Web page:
standard's compliant web site content (.html, .xhtml) in voice. To enable voice and
touch tone navigation for such existing sites.
Browsing voice enabled web sites providing telephone access and navigation to
standard markup formats, such as W3C approved VXML.
Providing voice access for connected users with a browser and a simple Java applet,
it will be possible to access IP delivered voice representations for sites currently
Public Telephone Network (GNU Bayonne)
* access to automated or specialized egovernment services should not be for a
privileged minority with computer access.
* wide deployment of phone services even in underdeveloped nations
* ready availability for use by the visually impaired community
IP voice content delivery (GNU Bayonne with IP voice, proposed)
* Client web browser companion applet to receive IP voice; both platform neutral and
requires no modified browser software to be written.
* Allows server to deliver voice rendered content on demand for those that may need it.
* Allows server and those responsible for creating service to control voice and offer or
substitute alternate voice enabled content for the user.
What is GNU Bayonne?
"Telephony Application Services" platform for the Public Telephone Network Voice
Mail, Automated Governmental Services, Customer Relationship Management (CRM),
custom interactive voice response applications.
Standard service creation environment thru scripting.
Easy system administration; "Web Server" like concepts.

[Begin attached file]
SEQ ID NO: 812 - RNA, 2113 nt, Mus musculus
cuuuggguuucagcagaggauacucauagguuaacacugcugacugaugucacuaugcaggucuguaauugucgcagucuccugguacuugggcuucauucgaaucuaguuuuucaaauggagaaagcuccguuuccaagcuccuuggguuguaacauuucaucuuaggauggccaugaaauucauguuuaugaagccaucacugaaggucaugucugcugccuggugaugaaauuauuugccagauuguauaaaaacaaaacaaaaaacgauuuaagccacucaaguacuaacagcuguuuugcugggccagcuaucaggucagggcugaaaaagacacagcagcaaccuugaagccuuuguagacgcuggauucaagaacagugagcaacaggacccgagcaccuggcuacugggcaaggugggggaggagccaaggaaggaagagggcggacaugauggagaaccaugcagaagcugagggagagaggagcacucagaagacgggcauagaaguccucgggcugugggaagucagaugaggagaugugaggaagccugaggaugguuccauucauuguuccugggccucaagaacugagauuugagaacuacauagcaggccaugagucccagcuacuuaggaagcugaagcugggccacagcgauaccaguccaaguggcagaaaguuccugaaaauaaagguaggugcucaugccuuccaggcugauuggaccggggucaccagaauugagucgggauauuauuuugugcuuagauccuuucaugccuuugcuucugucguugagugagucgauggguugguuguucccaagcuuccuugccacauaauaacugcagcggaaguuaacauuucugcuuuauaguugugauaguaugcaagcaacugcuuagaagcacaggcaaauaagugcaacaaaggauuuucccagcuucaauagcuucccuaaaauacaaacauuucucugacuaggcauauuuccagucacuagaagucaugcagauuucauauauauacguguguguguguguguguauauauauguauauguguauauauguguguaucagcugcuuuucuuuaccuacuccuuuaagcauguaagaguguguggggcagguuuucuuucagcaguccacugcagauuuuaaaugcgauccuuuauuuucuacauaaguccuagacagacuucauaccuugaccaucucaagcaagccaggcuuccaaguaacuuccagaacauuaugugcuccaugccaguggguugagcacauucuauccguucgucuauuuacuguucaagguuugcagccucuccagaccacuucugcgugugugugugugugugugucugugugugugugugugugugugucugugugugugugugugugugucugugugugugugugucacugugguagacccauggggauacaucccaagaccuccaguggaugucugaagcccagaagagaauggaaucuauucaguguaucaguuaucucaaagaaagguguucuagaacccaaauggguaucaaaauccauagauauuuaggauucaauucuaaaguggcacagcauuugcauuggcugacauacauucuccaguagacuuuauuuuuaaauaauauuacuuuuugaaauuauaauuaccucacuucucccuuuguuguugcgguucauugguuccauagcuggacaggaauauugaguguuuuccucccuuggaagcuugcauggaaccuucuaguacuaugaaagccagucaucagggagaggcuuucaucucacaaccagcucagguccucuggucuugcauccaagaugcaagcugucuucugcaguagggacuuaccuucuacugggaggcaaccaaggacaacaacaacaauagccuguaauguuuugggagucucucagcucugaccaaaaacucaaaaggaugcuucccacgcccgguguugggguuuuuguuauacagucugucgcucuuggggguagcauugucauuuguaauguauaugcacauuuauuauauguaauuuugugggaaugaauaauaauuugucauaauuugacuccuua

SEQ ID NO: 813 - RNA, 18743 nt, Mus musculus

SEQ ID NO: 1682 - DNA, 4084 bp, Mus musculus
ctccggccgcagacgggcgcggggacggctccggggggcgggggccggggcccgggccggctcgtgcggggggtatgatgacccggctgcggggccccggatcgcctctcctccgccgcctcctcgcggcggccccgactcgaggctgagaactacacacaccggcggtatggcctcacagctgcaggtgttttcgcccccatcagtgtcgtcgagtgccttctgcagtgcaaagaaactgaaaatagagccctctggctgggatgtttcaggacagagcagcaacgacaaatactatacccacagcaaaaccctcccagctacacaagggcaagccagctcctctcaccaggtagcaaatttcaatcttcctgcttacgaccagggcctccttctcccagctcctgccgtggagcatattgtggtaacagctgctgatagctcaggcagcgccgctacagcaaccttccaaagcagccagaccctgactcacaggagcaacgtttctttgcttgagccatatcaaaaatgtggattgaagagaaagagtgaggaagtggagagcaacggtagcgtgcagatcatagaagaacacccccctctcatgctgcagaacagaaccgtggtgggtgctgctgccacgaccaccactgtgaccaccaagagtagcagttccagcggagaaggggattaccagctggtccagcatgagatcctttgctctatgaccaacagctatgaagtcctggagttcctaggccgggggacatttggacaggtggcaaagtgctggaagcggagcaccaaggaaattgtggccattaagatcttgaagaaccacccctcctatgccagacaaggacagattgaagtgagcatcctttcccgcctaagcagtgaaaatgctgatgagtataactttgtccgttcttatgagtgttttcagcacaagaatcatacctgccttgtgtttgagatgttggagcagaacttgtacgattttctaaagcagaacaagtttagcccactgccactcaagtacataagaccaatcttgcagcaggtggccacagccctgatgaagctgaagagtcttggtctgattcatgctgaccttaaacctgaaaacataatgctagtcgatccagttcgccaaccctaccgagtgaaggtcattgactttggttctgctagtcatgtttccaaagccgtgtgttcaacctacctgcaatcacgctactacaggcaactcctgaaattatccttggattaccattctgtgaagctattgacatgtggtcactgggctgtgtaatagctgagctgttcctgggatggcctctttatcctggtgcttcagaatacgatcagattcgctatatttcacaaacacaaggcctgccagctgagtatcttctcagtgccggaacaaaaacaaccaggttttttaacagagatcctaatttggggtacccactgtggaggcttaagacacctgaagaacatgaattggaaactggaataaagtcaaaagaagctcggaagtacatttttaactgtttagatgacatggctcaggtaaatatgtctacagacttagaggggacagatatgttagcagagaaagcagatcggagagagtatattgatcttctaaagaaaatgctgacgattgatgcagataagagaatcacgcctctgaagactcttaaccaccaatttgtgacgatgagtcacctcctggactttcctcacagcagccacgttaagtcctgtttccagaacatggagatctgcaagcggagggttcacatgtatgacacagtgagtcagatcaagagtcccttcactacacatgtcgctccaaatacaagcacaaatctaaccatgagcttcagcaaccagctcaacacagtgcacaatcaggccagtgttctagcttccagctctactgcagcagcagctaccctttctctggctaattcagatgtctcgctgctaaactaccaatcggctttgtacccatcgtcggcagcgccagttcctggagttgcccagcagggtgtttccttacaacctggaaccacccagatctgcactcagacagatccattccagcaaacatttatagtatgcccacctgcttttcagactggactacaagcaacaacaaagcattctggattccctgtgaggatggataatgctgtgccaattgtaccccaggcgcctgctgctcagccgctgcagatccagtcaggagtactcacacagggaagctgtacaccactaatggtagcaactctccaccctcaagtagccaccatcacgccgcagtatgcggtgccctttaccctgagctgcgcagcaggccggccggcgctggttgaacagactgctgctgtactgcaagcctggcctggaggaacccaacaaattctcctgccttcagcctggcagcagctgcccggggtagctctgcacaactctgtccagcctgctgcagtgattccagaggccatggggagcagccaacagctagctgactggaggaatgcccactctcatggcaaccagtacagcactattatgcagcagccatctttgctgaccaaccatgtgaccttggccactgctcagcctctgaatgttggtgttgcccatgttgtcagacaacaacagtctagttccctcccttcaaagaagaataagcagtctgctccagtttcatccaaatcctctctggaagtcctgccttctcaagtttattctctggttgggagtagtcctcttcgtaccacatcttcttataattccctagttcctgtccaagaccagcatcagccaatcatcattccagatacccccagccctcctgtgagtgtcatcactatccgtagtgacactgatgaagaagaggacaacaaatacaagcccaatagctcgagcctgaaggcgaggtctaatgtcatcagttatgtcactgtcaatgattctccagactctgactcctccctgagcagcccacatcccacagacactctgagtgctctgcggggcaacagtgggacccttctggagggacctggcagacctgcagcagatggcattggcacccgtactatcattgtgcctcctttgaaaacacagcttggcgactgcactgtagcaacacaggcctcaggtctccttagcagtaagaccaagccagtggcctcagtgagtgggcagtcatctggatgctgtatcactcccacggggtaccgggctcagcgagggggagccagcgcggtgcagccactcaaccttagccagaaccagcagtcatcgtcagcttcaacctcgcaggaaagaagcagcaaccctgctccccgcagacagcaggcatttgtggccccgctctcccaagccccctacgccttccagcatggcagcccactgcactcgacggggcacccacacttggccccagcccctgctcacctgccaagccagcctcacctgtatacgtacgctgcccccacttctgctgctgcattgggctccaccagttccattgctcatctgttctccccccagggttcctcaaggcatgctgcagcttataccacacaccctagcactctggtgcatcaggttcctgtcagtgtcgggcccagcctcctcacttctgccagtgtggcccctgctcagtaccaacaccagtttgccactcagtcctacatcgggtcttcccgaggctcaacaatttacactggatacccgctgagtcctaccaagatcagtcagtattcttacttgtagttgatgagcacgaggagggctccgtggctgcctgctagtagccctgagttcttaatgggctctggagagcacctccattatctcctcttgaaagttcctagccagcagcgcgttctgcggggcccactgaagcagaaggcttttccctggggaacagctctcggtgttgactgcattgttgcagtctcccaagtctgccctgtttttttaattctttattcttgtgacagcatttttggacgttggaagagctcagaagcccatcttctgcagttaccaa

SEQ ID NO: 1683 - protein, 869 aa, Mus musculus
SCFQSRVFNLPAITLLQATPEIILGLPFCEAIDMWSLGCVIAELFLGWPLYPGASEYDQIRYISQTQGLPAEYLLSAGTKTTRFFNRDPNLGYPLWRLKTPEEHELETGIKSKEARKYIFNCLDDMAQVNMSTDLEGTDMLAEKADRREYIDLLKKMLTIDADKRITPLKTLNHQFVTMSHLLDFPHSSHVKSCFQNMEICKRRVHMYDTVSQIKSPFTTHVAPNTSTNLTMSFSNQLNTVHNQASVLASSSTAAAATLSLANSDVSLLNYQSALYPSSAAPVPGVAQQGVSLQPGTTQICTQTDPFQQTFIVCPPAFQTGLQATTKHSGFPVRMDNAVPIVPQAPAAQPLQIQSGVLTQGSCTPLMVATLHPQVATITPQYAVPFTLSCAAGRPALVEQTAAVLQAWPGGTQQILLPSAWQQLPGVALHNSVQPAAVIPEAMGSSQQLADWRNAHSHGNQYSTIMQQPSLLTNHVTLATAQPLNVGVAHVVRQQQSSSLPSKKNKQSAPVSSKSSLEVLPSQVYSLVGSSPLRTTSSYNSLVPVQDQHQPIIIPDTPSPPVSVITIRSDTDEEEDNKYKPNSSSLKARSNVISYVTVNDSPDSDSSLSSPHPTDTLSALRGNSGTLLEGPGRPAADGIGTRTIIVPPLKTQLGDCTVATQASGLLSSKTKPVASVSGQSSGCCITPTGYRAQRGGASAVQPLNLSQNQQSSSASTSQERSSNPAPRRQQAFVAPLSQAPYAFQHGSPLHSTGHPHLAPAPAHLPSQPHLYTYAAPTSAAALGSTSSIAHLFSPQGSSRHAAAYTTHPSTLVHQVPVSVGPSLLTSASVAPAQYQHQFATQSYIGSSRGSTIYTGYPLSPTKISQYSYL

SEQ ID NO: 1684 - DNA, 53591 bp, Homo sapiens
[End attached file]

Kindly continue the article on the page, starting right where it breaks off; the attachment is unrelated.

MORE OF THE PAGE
Abstract hardware interface for analog (PSTN), digital (ISDN, SS7, etc), and IP (SIP,
H323) based telephone networks; write applications once, use anywhere.
"High Availability" telephony application services platform.
Integration with Web Services thru XML scripting and XMLRPC.
Telephony enabling enterprise free software applications; GNU Enterprise and phpGro
Who uses GNU Bayonne
State Governments and egov initiaves; State of Maine division of motor vehicles.
Companies looking to conduct "vcommerce" to compliment ecommerce.
The Free Software Foundation.
Smaller interexchange carriers for prepaid calling services.
Customer service phone lines.
Cre dit card clearing over the phone.
Telephone Enabled Web
GNU Bayonne + GNU
●x/html voice parser
Telephone User &
Home or Work:
●touch tone and voice
Voice Enabled Web Services
GNU Bayonne + GNU
●x/html voice parser
rtp: & sip:
●touch tone and
* companion to
* provides voice for current
Project Status & Events
October 2002 Project founding in Skopje with FS Macedonia
March 2003 Initial public discussions during "openweekend" (Prague)
May 2003 AFB demonstrates first GNU Bayonne Daisy reader deployed to enable
voice access to U.S. Government Medicare program documents for the blind.
January 2004, Initial acceptance of GNU Alexandria related proposal for complete
content authoring and delivery system for egovernment document services for the
blind through NSF funded grant under sponsorship of AFB and DevIS.
?? FS Macedonia Soros matching grant, maybe soon?
Other FS Accessibility
Gnome Accessibility Project (http://developer.gnome.org/projects/gap)
How you can help?
Not all jobs we need help with are purely coding:
Recording of additional voice libraries; recording of new voice vocabularies for different
languages. We currently need German language voices!
Help with making www.gnu.org/software/alexandria fully accessible to all users.
Help with testing and documentation.
Further input and guidance from the visually impaired community.